Number of dead in Mexico pipeline explosion rises to 79: health minister

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Number of dead in Mexico pipeline explosion rises to 79: health minister
Mexico’s health minister said on Sunday that the number of people killed in a gasoline pipeline explosion has risen to 79.

Another 66 people remained hospitalized, Jorge Alcocer told a press conference. The blast occurred on Friday when up to 800 people flocked to collect gasoline at the Tula-Tuxpan pipeline that had been punctured by fuel thieves, officials said.

The blast occurred near Tlahuelilpan, a town of 20,000 people about an hour´s drive north of Mexico City.

As soldiers guarded the devastated, still-smoking scene, forensic specialists in white suits worked among the blackened corpses — many frozen in the unnatural positions in which they had fallen — and grim-eyed civilians stepped cautiously along in a desperate search for missing relatives.

The pungent smell of fuel hung in the air. Fragments of burnt clothing were strewn through the charred brush.

When the forensic workers began attempting to load corpses into vans to be transported to funeral homes, some 30 villagers tried to stop them. They demanded their relatives´ bodies, saying funeral homes were too expensive. The bodies were ultimately taken to a morgue, authorities said.

On Friday, when authorities heard that fuel traffickers had punctured the pipeline, an army unit of about 25 soldiers arrived and attempted to block off the area, Defense Secretary Luis Crescencio Sandoval told reporters.

But the soldiers were unable to contain the estimated 700 civilians — including entire families — who swarmed in to collect the spilled gasoline in jerrycans and buckets, witnesses said.

The armed soldiers had been moved away from the pipeline to avoid any risk of confrontation with the crowd when the blast occurred, some two hours after the pipeline was first breached, Sandoval said.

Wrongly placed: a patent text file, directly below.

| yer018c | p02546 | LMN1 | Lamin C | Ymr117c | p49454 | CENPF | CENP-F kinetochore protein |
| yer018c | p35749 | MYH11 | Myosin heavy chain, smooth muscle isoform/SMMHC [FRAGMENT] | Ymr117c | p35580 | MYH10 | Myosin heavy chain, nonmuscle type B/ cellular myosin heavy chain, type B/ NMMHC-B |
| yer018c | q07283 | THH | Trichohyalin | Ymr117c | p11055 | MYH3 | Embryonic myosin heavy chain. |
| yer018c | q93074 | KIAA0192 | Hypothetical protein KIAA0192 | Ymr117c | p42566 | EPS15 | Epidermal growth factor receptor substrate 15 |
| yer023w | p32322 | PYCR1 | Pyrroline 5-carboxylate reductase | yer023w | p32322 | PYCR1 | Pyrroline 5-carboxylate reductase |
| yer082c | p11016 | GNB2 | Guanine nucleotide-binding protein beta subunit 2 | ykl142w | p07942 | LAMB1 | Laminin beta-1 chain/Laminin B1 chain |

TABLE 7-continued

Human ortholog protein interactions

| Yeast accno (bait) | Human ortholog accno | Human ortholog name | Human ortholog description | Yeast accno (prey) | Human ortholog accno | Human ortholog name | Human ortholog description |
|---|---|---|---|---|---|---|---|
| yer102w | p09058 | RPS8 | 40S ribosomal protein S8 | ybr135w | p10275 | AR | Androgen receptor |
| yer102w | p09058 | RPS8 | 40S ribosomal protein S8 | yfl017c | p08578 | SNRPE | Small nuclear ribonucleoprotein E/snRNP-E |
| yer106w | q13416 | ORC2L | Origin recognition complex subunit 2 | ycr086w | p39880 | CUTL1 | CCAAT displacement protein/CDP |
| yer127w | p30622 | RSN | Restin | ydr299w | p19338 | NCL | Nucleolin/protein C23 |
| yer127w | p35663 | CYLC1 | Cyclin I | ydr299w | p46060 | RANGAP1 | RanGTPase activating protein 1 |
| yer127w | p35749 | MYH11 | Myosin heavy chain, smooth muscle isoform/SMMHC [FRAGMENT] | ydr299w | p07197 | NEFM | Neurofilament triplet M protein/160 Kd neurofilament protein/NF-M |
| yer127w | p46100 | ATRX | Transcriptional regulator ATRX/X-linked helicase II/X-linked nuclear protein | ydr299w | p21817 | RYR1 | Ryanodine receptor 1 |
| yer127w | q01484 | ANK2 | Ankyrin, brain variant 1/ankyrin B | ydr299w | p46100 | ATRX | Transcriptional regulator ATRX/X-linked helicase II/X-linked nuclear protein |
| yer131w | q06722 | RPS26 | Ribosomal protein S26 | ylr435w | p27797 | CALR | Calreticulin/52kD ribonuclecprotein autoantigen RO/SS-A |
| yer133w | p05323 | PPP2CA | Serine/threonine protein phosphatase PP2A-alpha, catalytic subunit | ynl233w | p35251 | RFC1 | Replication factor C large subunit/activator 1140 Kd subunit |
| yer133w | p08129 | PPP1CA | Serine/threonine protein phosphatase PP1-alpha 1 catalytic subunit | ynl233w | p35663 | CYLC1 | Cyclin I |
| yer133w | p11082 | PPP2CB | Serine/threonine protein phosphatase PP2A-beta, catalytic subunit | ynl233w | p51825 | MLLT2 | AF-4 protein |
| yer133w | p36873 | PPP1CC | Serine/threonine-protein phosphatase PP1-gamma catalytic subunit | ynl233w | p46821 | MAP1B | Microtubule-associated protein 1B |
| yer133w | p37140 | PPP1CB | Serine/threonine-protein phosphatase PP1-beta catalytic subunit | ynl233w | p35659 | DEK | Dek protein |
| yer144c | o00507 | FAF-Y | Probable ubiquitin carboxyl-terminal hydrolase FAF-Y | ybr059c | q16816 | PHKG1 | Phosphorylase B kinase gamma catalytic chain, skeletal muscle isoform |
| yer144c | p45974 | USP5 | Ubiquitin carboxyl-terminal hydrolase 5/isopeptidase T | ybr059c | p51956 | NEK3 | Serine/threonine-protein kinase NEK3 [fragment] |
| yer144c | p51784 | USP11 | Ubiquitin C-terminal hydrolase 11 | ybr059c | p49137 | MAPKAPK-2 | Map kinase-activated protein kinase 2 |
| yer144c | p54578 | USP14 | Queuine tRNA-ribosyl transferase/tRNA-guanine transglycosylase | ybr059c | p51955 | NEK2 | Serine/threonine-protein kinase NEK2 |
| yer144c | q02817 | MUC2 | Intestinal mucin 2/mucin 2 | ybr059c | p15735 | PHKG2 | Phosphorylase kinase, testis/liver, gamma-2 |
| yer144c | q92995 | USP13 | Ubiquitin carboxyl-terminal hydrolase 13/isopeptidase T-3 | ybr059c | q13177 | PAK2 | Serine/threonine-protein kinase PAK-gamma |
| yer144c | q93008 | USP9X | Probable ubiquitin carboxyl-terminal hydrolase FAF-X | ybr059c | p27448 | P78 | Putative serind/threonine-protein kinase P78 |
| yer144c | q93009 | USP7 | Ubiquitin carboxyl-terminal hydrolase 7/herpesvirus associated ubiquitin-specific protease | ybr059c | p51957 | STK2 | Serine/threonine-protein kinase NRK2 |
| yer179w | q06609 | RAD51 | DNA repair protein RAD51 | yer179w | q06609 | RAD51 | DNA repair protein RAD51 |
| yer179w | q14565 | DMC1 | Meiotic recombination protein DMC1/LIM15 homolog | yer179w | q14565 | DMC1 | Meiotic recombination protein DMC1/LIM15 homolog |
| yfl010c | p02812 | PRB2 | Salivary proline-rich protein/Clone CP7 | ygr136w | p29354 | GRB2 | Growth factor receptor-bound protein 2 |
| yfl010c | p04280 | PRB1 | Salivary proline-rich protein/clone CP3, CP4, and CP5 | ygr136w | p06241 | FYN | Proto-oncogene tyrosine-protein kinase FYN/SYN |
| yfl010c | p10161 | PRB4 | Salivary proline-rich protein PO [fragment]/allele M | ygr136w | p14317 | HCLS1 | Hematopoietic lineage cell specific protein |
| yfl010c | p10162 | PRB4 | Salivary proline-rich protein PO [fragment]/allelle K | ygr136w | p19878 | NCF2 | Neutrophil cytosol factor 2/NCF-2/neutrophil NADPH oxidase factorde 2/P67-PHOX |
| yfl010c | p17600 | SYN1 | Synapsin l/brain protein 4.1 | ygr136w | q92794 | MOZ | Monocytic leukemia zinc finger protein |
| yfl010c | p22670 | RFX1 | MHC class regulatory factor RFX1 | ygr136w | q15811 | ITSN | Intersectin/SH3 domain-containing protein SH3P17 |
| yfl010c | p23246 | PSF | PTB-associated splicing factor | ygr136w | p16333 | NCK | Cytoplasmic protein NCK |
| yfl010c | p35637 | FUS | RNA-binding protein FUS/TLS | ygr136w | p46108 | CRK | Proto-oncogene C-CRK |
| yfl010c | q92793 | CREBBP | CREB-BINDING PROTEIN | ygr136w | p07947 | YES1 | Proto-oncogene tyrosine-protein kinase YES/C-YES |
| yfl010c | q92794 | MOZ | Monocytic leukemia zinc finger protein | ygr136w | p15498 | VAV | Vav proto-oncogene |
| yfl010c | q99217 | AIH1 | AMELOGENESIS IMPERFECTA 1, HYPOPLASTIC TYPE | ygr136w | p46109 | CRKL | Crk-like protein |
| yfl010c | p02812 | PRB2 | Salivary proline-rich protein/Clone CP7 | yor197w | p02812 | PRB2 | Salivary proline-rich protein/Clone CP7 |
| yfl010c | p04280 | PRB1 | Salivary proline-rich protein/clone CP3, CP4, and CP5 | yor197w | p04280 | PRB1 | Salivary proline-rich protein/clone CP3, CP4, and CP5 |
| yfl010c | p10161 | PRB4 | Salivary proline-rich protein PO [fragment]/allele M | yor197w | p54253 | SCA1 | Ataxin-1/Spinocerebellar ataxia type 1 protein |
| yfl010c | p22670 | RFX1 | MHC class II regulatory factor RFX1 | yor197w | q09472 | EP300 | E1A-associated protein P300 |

President Andres Manuel Lopez Obrador, a leftist who took office only weeks ago, travelled to the scene early Saturday.

He did not fault the soldiers, saying, “The attitude of the army was correct. It is not easy to impose order on a crowd.” He vowed to continue fighting the growing problem of fuel theft.

“I am deeply saddened by the suffering in Tlahuelilpan,” Lopez Obrador wrote on Twitter. He called on his “whole government” to extend assistance.

The US Secretary of Homeland Security, Kirstjen Nielsen, tweeted that her department “stands ready to assist the first responders and the Mexican government in any way possible.”

Video taken in the aftermath showed screaming people fleeing the scene as an enormous fire lit up the night sky.

“I went just to see what was happening, and then the explosion happened. I rushed to help people,” Fernando Garcia, 47, told AFP. “I had to claw through pieces of people who had already been burned to bits.”

The tragedy comes during a highly publicised federal government war on fuel theft, a problem that cost Mexico an estimated $3 billion in 2017.

Acting attorney general Alejandro Gertz described the latest disaster as “intentional” because “someone caused that leak. And the fire was a consequence of the crime.”

But he acknowledged that investigators would be hampered by the fact that “the people closest to the explosion died.”

Federal and state firefighters and ambulances run by state oil company Pemex rushed to help victims with burns and take the injured to hospitals.

Originally Posted on SuchTv

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